Age: 10/10/1986 (32)
Traditional Stats: .255/.368/.424, 145 hits, 30 2B, 3 3B, 20 HR, 65 RBI, 14 SB
Advanced Stats: 2.7 bWAR, 2.6 fWAR, 118 OPS+, 120 wRC+, .304 BABIP
It’s been 10 years since former top-prospect Andrew McCutchen made his MLB debut against the Mets, and five years since his MVP season for the Pirates. Is it time for the once-elite McCutchen to come to Queens?
McCutchen is far from the player he was in 2013, but he is also far from useless. 2018 was his first season away from Pittsburgh. Splitting time in San Francisco and across town in the Bronx, McCutchen put up a .792 OPS.
When looking at his total season stats, it is hard not to see the signs of regression for the now 32-year-old. However, he showed signs of legitimate life once he donned the pinstripes. In 25 games, he posted five home runs and an .892 OPS. This is a significant increase from his .772 OPS in 130 games as a Giant. Is this sample size too small to definitively say McCutchen is back? Of course it is.
Let’s not be silly. While his tenure in New York should be indicative of what an aging Cutch can still do, McCutchen is still on the wrong side of 30, and his production appears to be on the downturn. He homered eight fewer times in 2018 compared to 2017, and he struck out 29 more times in one fewer at bat.
And we cannot forget about his defense. McCutchen was once an infamous hit-stealer when he patrolled centerfield for the Pirates. He won the 2012 Gold Glove in center, which was also the last time that McCutchen posted positive Defensive Runs Saved (DRS) and Ultimate Zone Rating (UZR) figures until his move to rightfield in 2017, when McCutchen’s diminished range and foot speed forced him to a corner spot.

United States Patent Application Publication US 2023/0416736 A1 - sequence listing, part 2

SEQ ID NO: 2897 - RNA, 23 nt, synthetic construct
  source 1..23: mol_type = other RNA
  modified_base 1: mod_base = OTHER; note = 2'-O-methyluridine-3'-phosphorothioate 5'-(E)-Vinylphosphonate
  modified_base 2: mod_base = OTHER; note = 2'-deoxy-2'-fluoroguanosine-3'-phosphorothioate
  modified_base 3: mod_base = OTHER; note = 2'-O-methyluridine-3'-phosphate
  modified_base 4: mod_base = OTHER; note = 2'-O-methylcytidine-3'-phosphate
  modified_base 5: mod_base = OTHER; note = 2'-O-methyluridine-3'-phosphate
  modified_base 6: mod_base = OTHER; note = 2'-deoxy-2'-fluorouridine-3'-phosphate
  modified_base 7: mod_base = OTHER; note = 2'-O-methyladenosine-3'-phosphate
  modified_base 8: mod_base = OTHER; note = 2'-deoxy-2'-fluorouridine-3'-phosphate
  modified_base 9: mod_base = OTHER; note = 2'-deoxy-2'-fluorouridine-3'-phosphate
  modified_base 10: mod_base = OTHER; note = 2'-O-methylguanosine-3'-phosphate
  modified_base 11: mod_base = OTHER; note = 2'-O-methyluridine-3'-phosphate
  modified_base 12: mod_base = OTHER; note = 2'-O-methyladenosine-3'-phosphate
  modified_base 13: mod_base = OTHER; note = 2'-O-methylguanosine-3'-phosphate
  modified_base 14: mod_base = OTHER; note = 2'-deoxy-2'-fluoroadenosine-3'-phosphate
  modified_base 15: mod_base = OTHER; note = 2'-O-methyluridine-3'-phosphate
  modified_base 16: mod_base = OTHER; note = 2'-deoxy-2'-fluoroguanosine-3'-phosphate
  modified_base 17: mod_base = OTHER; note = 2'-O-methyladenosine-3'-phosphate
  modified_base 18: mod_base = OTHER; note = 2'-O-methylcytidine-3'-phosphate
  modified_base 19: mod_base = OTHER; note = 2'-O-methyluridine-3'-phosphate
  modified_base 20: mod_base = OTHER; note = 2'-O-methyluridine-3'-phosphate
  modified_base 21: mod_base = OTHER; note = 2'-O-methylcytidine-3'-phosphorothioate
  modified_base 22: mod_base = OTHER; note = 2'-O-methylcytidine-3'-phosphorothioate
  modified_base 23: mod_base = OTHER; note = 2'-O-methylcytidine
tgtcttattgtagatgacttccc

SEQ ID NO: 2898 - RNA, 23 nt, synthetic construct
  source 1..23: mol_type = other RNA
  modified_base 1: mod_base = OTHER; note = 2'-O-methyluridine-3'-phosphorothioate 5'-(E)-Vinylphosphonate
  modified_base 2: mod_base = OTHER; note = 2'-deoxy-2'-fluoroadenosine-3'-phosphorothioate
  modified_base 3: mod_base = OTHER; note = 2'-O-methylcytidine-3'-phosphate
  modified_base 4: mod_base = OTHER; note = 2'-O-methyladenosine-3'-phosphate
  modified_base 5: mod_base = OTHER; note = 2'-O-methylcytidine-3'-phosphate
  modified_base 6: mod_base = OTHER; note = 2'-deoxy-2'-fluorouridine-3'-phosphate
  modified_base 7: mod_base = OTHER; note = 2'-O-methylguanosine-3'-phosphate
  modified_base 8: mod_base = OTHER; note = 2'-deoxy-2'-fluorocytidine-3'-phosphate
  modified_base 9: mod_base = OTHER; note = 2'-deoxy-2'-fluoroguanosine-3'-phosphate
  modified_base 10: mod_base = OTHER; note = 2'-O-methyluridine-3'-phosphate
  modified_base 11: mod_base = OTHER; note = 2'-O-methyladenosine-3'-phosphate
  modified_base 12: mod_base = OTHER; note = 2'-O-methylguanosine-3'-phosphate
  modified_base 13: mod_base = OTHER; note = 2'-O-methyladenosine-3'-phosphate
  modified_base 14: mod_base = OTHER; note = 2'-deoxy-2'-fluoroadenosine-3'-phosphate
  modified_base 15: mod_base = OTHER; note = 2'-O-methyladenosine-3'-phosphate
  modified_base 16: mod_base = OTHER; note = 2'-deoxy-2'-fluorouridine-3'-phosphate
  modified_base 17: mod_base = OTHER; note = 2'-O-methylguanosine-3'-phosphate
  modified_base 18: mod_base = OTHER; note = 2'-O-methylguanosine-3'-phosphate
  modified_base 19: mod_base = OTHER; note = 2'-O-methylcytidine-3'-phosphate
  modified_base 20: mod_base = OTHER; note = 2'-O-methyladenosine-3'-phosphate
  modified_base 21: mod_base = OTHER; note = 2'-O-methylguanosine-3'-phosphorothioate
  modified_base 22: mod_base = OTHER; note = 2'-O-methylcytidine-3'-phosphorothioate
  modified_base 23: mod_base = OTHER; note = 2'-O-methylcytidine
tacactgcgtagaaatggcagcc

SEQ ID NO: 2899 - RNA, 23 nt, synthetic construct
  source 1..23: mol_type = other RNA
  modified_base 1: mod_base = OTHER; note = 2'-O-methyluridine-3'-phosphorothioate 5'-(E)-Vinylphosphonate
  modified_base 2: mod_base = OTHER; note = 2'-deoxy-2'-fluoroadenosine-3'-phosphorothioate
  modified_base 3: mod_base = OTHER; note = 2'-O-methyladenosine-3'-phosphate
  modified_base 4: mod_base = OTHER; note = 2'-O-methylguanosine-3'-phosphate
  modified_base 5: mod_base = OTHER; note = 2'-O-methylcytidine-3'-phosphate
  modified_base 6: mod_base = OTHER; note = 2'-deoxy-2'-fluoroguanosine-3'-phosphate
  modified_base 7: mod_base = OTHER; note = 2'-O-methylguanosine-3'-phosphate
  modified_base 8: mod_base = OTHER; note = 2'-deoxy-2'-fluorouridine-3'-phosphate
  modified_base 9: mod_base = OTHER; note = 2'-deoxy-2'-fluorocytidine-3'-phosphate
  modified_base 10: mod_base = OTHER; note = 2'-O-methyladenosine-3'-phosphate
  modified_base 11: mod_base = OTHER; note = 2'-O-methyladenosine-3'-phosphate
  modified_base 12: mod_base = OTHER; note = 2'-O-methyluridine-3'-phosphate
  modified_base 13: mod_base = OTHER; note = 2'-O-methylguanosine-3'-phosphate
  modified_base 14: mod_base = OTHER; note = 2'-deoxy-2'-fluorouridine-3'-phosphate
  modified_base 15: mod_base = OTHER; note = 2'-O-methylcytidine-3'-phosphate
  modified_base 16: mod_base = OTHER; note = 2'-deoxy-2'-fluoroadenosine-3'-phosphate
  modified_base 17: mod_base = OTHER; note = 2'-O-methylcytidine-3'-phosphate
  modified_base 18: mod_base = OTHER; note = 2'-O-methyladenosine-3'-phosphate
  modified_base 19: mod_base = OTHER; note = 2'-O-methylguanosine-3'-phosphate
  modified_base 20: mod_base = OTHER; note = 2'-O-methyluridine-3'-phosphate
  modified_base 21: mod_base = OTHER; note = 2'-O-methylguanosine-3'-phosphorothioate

He posted -28 DRS in 2016 in well over 1,000 innings in centerfield, which is indicative enough of the kind of defender he had become. However, McCutchen grades out to be an average-at-worst rightfielder; he posted 2 DRS in the ninth position in both 2017 and 2018.
If the Mets were to target McCutchen, he would likely slot into rightfield, while Michael Conforto and Brandon Nimmo split duties in left and center. Things could get complicated when Yoenis Cespedes returns from injury, but he is a big question mark at the moment.
The Mets, lacking Cespedes for the foreseeable future, are sorely missing a big, right-handed bat. McCutchen, despite his regression, would help to balance the Mets’ lineup and split up some of the lefties in the middle of the order.
MLB Trade Rumors predicts that McCutchen could see a three-year, $45 million dollar deal. He made just south of $15 million in 2018, so it is hard to envision him settling for any less after a relatively productive year. Still just 32, McCutchen will likely ask for a three-year deal, and some team with a need in the outfield might just give it to him. A two-year deal worth $25-28 would likely be McCutchen’s market if he finds that he has to settle. A team might try to sweeten this deal with a third year option loaded with performance incentives.
McCutchen is not a perfect fit for the Mets. Despite him being a right-handed bat, the Mets would be better served exploring true centerfielders before expanding the outfield search to include corner-only guys. And, outfield should not even be one of the top priorities for the team this offseason. The Mets should only look to players like McCutchen after addressing the bullpen and the catching position. For this reason, as well as his age and declining production, McCutchen should not be super high on the Mets radar this offseason.